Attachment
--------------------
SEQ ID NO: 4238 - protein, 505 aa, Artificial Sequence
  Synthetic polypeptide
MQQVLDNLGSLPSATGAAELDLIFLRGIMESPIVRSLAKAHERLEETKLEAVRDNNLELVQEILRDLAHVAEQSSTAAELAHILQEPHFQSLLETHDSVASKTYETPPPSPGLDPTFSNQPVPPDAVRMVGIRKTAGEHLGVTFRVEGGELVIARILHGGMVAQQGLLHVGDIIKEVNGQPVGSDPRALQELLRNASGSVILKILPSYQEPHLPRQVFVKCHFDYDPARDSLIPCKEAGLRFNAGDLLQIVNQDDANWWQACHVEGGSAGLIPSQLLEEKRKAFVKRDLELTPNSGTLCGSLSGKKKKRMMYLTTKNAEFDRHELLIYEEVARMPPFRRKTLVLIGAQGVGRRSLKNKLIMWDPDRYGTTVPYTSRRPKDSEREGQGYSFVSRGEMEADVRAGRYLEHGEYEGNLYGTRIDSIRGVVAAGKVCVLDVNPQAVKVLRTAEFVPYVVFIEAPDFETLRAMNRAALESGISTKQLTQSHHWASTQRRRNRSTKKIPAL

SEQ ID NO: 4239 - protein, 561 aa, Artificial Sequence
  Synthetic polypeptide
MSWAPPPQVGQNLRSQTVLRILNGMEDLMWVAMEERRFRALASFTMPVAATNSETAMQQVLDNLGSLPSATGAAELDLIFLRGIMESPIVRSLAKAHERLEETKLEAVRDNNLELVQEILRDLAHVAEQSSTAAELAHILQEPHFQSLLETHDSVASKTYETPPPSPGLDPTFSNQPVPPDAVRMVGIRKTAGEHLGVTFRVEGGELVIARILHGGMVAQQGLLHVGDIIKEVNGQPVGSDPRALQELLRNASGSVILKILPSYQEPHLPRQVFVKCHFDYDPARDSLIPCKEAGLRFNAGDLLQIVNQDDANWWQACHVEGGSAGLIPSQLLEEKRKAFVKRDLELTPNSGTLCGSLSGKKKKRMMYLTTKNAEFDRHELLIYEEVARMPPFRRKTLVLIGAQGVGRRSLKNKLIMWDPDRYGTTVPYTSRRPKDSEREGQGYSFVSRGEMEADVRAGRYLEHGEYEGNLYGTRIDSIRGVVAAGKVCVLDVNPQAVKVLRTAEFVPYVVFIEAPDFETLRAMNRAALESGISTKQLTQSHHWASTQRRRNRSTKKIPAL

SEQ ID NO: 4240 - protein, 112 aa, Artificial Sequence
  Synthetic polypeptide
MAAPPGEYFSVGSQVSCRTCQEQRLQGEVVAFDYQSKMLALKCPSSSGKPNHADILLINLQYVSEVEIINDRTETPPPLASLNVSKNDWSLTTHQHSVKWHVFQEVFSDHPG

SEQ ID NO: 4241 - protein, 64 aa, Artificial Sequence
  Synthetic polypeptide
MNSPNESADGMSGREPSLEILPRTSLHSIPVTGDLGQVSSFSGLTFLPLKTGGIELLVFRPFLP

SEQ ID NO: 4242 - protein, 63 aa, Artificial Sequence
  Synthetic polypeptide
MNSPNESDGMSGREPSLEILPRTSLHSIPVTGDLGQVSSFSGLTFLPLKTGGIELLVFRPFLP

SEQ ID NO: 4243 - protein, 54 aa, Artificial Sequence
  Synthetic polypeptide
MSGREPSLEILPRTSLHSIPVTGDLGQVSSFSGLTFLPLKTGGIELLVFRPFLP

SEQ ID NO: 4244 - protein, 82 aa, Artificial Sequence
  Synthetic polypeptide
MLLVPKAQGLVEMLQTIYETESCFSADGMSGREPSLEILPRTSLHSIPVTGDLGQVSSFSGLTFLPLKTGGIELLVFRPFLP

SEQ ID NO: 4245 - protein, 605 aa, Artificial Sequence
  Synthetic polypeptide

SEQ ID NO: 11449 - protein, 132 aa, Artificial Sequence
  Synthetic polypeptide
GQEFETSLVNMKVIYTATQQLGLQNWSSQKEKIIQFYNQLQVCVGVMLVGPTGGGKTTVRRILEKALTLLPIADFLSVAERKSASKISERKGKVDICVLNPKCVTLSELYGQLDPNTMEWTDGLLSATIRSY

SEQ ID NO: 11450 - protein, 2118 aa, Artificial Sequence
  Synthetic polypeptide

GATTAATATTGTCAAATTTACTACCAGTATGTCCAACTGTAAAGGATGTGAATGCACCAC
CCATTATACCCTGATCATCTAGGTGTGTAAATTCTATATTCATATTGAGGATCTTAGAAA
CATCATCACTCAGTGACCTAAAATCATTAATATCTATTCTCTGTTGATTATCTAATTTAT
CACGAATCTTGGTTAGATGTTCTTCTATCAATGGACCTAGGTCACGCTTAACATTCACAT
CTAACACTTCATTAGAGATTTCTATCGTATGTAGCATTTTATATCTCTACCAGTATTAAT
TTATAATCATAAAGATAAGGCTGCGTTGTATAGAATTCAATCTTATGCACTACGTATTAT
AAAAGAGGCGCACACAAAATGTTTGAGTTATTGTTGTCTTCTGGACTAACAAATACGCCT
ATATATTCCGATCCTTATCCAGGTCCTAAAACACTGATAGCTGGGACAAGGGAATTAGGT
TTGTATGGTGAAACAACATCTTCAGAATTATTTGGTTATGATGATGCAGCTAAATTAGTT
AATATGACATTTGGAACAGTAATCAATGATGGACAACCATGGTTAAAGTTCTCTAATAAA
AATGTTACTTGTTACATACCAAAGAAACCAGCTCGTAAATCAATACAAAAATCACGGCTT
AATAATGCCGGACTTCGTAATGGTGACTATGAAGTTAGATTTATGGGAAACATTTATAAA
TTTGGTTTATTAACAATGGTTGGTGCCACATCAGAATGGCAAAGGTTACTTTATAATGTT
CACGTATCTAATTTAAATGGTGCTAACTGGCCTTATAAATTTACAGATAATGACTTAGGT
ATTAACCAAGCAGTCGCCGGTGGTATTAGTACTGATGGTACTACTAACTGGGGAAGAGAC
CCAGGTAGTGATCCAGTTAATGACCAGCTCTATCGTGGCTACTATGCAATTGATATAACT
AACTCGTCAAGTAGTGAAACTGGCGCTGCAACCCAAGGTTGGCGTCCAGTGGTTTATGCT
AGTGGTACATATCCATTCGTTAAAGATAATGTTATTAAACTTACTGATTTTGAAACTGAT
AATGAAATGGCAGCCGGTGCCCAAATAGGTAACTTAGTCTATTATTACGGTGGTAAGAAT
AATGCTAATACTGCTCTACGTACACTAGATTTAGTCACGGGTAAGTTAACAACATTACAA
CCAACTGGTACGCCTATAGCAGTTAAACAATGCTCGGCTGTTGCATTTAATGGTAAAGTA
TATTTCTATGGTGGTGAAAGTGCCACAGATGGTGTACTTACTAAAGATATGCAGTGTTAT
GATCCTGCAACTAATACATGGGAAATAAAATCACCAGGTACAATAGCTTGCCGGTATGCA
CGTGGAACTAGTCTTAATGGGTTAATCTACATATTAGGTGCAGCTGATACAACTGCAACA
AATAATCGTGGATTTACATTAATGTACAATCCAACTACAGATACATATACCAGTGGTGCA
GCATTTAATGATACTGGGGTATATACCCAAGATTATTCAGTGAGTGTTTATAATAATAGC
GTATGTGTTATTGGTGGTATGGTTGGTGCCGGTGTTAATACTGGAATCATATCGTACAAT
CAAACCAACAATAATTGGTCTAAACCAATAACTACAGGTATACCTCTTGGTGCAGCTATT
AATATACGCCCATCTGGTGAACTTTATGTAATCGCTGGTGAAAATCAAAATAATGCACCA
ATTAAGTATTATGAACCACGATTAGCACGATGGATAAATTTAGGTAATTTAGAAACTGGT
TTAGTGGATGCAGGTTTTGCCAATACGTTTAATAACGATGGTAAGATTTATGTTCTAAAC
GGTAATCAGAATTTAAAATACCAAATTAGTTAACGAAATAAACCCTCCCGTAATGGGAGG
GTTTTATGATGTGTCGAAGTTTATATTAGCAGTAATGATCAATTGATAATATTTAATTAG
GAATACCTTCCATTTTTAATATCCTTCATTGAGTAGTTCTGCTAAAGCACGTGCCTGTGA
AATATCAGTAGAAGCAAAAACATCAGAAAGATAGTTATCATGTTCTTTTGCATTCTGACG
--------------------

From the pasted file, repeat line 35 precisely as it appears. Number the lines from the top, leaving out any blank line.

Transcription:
AAAAGAGGCGCACACAAAATGTTTGAGTTATTGTTGTCTTCTGGACTAACAAATACGCCT